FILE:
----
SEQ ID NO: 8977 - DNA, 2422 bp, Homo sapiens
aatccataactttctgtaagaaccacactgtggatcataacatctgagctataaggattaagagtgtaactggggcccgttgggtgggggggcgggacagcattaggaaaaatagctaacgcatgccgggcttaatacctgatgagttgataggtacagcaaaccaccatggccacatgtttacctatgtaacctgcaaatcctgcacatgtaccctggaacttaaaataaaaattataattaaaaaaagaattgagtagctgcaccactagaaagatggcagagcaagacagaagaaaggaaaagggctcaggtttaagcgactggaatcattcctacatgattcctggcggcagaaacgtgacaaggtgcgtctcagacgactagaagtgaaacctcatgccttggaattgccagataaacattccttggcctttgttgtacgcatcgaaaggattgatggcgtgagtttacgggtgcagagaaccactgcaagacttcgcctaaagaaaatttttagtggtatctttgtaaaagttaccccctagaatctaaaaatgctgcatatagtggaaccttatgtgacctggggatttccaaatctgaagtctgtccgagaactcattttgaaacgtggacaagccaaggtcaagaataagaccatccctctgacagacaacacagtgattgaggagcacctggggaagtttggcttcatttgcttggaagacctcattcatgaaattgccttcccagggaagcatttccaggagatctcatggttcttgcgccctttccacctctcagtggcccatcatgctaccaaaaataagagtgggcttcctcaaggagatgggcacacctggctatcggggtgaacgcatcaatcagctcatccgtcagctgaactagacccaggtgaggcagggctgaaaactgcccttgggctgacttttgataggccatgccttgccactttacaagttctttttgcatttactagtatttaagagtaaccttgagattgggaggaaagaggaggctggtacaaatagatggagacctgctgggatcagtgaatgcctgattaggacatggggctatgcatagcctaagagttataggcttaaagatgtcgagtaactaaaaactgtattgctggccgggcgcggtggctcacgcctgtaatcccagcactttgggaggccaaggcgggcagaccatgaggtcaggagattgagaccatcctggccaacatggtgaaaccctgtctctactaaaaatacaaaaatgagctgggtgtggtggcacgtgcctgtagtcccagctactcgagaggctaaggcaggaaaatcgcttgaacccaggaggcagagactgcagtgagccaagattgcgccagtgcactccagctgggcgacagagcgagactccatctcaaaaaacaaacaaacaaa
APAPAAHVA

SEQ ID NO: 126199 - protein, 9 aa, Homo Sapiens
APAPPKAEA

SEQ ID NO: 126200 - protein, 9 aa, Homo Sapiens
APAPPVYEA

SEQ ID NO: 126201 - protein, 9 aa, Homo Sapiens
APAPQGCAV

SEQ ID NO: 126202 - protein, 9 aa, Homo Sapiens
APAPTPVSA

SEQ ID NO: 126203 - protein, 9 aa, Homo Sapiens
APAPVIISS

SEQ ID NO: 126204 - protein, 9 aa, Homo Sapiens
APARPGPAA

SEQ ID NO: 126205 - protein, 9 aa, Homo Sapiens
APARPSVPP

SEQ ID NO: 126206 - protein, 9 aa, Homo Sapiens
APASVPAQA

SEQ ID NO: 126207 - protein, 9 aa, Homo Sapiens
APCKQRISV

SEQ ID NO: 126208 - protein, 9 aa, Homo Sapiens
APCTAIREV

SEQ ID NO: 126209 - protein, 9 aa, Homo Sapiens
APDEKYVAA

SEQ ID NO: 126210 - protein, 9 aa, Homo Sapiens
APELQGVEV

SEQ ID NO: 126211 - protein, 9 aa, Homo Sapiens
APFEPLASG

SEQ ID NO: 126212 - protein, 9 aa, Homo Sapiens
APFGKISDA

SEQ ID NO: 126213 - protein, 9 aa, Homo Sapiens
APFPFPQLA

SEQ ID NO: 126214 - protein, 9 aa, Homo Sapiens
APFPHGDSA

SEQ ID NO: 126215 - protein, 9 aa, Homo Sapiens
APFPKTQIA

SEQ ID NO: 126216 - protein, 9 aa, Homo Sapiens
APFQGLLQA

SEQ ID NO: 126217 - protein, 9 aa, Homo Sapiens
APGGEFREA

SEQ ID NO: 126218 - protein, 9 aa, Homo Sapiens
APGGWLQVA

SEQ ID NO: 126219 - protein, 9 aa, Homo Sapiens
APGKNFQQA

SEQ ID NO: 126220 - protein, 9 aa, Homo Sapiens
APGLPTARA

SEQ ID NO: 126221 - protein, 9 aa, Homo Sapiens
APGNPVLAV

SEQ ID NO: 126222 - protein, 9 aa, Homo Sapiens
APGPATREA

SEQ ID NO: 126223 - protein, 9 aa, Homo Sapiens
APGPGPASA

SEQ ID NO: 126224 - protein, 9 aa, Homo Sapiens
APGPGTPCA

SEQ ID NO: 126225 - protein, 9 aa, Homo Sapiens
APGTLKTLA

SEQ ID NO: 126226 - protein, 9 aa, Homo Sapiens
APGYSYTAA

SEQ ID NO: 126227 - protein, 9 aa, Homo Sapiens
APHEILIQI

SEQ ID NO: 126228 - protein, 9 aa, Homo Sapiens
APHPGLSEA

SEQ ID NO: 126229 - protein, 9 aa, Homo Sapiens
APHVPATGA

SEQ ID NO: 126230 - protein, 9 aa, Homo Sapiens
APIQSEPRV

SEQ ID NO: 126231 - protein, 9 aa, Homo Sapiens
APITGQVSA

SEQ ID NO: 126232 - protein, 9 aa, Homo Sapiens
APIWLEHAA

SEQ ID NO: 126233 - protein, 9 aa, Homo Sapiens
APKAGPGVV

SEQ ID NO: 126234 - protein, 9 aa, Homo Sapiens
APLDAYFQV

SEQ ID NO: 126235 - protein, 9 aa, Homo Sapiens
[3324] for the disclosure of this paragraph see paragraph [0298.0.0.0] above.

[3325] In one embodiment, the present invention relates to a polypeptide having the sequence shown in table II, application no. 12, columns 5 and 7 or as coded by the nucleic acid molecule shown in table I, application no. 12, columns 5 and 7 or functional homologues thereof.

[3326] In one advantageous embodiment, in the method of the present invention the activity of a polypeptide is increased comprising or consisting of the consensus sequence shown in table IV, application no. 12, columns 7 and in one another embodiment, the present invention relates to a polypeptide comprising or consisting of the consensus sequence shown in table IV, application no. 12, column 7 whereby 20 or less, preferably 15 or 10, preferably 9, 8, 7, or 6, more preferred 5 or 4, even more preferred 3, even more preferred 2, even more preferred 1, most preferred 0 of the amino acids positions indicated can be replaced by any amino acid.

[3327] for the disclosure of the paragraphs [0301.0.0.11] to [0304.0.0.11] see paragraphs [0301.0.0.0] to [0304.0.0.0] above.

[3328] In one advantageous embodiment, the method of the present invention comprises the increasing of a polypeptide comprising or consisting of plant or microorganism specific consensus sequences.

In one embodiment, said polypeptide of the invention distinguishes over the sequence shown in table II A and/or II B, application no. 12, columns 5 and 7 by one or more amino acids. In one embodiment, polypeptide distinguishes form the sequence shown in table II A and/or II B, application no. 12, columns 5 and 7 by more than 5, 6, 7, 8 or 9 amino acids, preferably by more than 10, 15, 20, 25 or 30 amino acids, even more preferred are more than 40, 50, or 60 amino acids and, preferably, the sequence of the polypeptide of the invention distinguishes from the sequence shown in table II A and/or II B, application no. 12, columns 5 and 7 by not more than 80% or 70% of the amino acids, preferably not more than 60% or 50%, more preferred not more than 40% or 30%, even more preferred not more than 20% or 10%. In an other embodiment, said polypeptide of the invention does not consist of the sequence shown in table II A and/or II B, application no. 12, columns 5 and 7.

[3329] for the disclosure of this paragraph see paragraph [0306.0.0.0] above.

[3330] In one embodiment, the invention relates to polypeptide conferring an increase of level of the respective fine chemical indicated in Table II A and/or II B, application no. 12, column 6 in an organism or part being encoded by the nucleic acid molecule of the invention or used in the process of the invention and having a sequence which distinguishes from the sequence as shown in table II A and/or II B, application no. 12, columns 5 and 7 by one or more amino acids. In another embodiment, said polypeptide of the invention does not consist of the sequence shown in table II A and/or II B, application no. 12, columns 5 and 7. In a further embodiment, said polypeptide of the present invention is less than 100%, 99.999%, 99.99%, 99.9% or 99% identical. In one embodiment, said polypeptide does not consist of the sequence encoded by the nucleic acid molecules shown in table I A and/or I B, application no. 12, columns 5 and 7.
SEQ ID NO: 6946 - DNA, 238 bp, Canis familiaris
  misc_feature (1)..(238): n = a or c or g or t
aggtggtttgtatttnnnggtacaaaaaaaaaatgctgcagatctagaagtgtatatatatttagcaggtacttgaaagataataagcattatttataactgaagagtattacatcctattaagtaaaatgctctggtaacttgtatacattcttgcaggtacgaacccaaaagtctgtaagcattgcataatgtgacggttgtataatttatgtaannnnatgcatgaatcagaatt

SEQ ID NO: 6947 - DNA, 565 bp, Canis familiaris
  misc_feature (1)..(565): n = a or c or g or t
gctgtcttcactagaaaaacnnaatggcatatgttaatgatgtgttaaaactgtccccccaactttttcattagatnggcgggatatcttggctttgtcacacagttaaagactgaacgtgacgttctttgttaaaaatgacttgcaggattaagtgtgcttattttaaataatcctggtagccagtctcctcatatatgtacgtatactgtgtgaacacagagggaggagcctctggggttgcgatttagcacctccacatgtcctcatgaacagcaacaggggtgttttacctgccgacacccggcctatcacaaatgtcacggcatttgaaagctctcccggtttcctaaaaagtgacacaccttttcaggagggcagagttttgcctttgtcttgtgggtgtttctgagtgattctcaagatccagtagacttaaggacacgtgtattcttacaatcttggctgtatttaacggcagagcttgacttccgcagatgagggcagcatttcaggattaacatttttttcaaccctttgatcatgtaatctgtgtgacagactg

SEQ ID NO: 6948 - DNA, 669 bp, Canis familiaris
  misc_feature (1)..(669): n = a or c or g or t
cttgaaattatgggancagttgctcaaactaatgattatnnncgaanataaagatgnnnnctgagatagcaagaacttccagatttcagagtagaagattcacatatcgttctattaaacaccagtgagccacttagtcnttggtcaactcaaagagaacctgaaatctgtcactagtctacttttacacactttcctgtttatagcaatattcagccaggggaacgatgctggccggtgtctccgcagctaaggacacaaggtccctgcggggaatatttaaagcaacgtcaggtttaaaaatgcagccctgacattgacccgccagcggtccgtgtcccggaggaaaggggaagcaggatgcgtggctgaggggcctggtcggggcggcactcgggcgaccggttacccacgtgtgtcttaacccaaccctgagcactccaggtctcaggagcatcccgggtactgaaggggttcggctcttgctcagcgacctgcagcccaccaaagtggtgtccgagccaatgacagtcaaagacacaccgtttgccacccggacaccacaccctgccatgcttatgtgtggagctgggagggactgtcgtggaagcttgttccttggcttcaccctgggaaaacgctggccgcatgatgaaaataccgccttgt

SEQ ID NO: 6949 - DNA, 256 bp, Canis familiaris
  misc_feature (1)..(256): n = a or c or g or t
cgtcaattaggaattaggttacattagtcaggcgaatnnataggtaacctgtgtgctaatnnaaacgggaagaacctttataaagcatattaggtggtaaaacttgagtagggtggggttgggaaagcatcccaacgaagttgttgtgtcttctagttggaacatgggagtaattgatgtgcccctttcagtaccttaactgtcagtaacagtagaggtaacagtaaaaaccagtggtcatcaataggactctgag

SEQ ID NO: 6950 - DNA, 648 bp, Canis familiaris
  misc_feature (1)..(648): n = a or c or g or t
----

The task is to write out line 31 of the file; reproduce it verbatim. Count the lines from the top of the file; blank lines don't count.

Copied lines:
APFGKISDA